EU Privacy Complaints Target Apple
This is not the first time Apple has come under fire for breaching the privacy of its users. On Monday, November 16th, Apple was the recipient of two privacy complaints from Austrian privacy activist, Max Schrems. Shcrems works with the non-profit group NOYB, of which he is the founder. The group stands for “My Privacy is None of Your Business,” in which privacy for all is the mission. Schrems filed official complaints in the countries of Spain and Germany against Apple’s illegal use of what is known as a tracking code on iPhones, called IDFA, short for Identifier for Advertisers. This is a legal breach against European law.
IDFA is a number assigned uniquely to each device in order for advertisers to be able to better market their ads to specific people that may be interested in their product. In the official complaint, NOYB stated that this “tool” is used to gather and store your personal information by Apple, without your consent for third-party access. Further, NOYB found suspects that apps are sharing the IDFA information with one another. For example, the IDFA from Apple is shared with Facebook. Facebook could then share this information with third-party sellers so they may advertise to you through Facebook and so on.
CLAIMS AGAINST APPLE
A line from the policy claims “Apple does not share any personally identifiable information with third parties.” A representative backed that line up when they spoke on behalf of Apple in reply to the allegations, stating “the claims made against Apple in this complaint are factually inaccurate and we look forward to making that clear to privacy regulators should they examine the complaint.” Apple went on to state that their goal is “always to protect the privacy of our users.”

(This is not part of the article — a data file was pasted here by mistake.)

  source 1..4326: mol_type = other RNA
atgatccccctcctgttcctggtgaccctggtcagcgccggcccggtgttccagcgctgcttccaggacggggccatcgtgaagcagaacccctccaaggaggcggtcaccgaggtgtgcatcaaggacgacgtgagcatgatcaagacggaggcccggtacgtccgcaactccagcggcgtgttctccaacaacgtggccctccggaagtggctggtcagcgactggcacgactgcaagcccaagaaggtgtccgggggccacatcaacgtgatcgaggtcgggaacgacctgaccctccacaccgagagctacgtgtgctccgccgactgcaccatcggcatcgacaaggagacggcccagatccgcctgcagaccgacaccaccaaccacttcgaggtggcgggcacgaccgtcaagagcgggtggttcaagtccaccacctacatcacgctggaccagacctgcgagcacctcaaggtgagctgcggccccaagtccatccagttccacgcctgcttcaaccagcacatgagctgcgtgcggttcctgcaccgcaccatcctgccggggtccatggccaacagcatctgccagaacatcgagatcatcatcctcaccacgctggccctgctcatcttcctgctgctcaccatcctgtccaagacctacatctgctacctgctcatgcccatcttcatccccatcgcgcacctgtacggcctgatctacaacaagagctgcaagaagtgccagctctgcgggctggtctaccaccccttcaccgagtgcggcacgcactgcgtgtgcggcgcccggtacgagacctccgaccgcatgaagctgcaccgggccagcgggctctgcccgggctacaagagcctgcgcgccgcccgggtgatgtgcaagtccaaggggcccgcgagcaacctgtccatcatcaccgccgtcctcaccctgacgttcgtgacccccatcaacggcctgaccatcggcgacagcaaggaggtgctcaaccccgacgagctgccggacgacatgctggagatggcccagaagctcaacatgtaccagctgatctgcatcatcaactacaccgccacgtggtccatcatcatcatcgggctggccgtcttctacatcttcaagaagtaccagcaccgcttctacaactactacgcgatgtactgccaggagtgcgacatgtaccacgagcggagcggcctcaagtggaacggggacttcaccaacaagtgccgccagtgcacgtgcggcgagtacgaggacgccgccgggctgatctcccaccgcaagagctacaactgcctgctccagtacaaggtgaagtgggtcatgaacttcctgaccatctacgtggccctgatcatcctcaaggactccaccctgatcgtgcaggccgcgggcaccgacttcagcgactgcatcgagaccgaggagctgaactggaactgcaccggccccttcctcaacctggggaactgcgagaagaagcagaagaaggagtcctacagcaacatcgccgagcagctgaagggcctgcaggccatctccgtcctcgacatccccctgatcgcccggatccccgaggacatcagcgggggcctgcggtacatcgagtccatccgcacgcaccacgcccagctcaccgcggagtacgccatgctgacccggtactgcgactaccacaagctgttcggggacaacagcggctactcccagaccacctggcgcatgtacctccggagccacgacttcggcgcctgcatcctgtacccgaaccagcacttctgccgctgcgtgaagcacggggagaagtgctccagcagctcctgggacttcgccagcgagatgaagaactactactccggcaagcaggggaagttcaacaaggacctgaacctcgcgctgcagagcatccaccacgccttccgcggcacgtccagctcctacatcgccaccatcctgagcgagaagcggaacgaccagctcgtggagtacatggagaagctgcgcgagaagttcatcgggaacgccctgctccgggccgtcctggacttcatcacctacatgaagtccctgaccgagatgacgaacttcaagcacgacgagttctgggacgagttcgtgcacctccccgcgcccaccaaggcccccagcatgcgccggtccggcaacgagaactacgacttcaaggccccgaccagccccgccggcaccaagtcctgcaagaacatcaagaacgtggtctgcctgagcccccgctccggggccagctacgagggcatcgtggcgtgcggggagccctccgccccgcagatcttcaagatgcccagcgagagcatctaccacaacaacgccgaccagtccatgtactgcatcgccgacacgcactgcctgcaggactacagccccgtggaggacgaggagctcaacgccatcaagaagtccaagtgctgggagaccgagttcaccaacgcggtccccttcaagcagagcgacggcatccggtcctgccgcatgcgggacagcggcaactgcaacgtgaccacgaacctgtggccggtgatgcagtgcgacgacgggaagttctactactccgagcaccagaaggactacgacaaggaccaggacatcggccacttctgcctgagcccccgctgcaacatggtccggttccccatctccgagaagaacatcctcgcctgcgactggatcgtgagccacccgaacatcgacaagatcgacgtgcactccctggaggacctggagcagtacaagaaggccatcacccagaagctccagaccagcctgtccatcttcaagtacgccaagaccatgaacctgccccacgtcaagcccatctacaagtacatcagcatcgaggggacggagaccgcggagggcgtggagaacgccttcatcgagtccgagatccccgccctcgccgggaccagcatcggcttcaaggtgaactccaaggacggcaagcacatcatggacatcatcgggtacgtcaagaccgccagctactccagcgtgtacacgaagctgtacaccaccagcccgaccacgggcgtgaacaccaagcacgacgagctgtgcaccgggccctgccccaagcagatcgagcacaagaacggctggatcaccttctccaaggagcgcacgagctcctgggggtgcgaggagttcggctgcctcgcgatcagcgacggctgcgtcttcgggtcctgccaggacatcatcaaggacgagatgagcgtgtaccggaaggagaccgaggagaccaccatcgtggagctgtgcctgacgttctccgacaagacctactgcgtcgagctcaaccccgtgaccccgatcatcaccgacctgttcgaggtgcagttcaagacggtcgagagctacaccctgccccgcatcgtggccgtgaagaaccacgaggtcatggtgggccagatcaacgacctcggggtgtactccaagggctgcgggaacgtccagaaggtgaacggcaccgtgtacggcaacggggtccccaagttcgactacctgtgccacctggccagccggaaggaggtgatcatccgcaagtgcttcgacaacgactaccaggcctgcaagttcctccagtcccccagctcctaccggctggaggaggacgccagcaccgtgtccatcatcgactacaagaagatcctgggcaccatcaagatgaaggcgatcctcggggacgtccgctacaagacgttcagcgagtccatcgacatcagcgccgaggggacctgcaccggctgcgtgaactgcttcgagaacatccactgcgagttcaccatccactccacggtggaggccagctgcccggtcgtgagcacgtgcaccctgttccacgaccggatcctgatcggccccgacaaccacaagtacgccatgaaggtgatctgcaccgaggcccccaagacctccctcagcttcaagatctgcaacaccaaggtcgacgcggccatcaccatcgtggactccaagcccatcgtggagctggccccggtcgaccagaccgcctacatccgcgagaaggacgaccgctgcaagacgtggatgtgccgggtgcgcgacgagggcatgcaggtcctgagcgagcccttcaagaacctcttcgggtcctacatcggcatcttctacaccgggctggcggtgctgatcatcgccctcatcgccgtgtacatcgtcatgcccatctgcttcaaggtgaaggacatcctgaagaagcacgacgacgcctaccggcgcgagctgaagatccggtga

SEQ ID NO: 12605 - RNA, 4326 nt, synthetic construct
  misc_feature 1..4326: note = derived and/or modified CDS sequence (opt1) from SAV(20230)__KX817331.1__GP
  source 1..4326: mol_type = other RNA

“We want to enforce a simple principle: trackers are illegal, unless a user freely consents. The IDFA should not only be restricted, but permanently deleted. Smartphones are the most intimate device for most people and they must be tracker-free by default,” Rosetti commented in response to Apple.
PRIVACY IN THE EU
EU privacy laws are in place to protect all users from having any external tracking on their device without consent. While it is true that Apple introduced an update which allows users to block cookies in their browser, this is not the same as asking for users to opt-in to third party sharing for advertising. Still, Rosetti questions the purpose of installing a tracker at all. He states, “our point is that the tracker should not be created/installed in the first place.”
An IDFA allows every action on the device to be tracked, logged and shared without user consent. Apple has stated that they will make some changes to the IDFA in early 2021, but they made no mention of not using the information. Apple has come back to say, “our practices comply with European law and support and advance the aims of the GDPR and the ePrivacy Directive, which is to give people full control over their data.”
Privacy is a supported right in the European Union, and the IDFA is a legal breach of that right. The hope with this case is that IDFA’s will no longer be allowed to be stored in phones, giving users the comfort and privacy they deserve.